Anglo American Plc (AAL), the world’s biggest platinum producer, plans to switch to mechanized open-pit mining from labor-intensive underground output, as its South African operations remain crippled by a three-month strike.
The company aims to make the transition in five to 10 years to improve productivity, Chief Executive Officer Mark Cutifani said at the company’s annual general meeting in London yesterday. The change would have to be carried out in a way that’s “sensitive to its social ramifications,” he said.
A third day of talks between producers and union officials ended yesterday without a resolution or plans for further negotiations. Output at Anglo American Platinum Ltd. (AMS) dropped 39 percent in the first quarter because of the walkout over pay, Anglo said yesterday. The company reduced its forecast for full-year production by as much as 13 percent, with more cuts possible if the deadlock persists.
Cutifani “is bang on,” Paul Gait, an analyst at Sanford C. Bernstein Ltd. in London, said in an e-mail. “The only way to get safe platinum is to get people out of the stope. Labor inflation in South Africa is running far faster than productivity gains in underground mines. That basically makes it a non-viable long-term option.”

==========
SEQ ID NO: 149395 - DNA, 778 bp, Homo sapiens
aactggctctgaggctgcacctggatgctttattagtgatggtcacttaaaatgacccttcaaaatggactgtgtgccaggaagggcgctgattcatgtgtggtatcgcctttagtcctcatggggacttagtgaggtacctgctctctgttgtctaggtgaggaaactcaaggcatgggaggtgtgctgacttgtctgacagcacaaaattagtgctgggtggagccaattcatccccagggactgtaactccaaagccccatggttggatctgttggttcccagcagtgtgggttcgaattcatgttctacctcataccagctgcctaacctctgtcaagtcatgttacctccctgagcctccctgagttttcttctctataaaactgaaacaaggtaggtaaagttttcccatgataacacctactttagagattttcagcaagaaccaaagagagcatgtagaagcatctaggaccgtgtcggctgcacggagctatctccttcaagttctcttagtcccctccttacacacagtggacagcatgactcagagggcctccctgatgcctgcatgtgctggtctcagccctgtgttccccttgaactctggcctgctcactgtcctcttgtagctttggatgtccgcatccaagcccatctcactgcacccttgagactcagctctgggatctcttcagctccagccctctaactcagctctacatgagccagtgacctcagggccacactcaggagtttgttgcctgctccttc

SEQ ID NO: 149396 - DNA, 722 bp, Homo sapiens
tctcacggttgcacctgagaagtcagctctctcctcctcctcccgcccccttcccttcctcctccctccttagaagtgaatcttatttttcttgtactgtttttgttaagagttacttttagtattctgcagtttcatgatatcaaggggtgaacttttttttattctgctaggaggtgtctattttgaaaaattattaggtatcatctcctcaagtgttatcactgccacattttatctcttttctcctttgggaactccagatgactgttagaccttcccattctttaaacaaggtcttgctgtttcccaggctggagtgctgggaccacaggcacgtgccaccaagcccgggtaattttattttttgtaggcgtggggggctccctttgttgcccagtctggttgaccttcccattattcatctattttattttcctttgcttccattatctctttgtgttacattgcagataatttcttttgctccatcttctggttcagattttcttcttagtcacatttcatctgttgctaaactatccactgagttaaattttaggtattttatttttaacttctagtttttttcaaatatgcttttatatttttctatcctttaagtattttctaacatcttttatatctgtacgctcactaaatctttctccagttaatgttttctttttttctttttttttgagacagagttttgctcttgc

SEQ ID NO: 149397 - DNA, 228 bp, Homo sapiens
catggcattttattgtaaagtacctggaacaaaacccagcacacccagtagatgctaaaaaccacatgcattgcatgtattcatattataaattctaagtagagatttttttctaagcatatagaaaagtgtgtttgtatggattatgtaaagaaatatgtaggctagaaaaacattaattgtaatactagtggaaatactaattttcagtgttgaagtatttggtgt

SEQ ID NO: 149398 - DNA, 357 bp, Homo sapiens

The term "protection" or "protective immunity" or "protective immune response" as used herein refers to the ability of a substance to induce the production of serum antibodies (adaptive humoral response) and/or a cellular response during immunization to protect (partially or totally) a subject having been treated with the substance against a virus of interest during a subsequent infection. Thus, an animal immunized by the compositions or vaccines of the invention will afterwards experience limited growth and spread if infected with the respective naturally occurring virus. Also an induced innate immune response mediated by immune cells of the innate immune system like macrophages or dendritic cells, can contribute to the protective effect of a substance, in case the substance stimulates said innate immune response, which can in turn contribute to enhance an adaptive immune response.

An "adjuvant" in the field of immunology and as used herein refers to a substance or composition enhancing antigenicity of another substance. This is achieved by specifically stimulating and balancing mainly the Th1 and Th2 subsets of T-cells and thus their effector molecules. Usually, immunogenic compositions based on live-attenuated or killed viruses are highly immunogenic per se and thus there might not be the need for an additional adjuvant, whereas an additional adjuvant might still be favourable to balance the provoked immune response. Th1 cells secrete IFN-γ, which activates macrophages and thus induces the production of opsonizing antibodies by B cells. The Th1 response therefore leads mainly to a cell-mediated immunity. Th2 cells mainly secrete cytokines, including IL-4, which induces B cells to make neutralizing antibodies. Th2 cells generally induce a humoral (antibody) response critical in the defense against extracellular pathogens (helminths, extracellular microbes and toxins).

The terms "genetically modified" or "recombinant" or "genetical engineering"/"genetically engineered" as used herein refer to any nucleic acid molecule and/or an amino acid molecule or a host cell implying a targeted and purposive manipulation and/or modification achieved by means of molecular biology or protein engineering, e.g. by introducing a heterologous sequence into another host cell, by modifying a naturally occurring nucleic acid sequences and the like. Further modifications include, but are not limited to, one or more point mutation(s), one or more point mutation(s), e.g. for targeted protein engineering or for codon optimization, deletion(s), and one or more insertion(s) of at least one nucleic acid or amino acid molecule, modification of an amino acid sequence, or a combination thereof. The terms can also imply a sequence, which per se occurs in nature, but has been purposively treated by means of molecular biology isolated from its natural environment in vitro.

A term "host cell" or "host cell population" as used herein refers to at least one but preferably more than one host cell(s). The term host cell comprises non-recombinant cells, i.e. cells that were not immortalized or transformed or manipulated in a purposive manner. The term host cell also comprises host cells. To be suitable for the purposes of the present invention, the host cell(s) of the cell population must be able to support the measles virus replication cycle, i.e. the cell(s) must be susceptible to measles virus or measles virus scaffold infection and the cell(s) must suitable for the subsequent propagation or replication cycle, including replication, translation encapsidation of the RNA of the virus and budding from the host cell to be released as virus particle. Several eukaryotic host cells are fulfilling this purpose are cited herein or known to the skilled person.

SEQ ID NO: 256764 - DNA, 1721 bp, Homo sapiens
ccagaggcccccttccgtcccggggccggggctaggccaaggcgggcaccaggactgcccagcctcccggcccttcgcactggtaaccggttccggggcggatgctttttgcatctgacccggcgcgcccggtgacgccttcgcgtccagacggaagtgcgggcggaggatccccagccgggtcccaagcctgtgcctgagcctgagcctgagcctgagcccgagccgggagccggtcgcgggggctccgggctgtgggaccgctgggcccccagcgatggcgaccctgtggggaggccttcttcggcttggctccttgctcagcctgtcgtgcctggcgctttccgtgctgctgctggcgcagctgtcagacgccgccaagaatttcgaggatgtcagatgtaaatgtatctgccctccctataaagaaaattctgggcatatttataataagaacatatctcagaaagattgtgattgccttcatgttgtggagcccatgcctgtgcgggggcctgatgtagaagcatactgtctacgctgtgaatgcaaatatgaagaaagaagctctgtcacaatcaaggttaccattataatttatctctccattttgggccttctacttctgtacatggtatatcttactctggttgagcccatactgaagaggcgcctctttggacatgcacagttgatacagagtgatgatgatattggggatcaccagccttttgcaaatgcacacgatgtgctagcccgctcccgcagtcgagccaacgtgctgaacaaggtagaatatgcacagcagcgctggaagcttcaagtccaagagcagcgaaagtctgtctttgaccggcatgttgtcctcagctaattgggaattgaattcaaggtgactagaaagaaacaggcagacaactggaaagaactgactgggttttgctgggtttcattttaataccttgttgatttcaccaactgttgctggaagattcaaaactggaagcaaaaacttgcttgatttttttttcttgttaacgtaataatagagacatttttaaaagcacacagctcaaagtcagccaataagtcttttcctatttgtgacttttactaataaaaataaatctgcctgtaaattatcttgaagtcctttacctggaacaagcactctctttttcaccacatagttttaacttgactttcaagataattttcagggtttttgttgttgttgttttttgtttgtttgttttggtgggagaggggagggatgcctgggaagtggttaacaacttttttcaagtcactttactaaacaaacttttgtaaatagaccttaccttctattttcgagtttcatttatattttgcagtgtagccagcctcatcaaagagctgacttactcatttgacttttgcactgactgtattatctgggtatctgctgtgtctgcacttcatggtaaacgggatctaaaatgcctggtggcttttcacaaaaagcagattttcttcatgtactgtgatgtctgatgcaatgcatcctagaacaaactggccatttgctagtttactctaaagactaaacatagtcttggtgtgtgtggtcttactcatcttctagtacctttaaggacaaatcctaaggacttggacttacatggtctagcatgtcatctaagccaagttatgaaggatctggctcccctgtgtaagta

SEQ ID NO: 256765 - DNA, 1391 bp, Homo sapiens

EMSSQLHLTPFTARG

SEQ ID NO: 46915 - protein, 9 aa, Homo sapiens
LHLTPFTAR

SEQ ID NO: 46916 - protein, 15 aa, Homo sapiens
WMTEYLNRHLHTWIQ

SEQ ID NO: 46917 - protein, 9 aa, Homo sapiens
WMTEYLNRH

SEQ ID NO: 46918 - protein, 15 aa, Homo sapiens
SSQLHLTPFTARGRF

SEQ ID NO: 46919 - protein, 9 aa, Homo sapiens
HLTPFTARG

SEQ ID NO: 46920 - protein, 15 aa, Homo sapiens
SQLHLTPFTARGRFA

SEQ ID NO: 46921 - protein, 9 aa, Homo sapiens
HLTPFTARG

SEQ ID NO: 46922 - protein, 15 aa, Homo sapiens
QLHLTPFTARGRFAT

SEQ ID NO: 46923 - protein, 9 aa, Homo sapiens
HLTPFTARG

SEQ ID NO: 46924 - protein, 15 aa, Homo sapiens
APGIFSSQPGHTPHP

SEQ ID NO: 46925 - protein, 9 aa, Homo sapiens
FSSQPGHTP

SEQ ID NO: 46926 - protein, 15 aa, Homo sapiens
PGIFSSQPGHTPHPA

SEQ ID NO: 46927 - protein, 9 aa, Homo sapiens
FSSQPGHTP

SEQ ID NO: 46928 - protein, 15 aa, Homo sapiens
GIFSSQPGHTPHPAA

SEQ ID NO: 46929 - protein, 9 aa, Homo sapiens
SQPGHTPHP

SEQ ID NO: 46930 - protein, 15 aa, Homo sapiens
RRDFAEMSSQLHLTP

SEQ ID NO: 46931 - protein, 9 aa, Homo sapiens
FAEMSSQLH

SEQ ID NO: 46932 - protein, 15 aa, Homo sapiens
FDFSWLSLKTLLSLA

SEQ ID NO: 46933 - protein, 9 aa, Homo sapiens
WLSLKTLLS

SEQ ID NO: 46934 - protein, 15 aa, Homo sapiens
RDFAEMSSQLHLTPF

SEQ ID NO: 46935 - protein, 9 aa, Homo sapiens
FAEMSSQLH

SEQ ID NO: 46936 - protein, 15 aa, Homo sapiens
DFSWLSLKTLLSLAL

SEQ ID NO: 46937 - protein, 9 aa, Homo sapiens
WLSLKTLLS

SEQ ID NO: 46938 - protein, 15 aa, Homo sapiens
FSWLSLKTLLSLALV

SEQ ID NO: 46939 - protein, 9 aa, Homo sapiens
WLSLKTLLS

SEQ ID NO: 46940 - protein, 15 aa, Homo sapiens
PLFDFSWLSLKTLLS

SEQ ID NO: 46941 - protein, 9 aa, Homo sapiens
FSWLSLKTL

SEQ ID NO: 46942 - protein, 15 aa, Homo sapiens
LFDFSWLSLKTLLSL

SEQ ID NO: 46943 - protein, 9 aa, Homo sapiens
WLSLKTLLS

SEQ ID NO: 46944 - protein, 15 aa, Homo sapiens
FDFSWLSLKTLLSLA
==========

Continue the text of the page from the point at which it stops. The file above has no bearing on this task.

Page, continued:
More than 70,000 members of the Association of Mineworkers and Construction Union have been on strike at the world’s three biggest platinum producers since Jan. 23, the country’s longest mining-industry stoppage, according to the Chamber of Mines.
The strike has cost the companies about 14.5 billion rand ($1.4 billion) of revenue collectively and employees 6.4 billion rand in wages, the producers said on a joint website.
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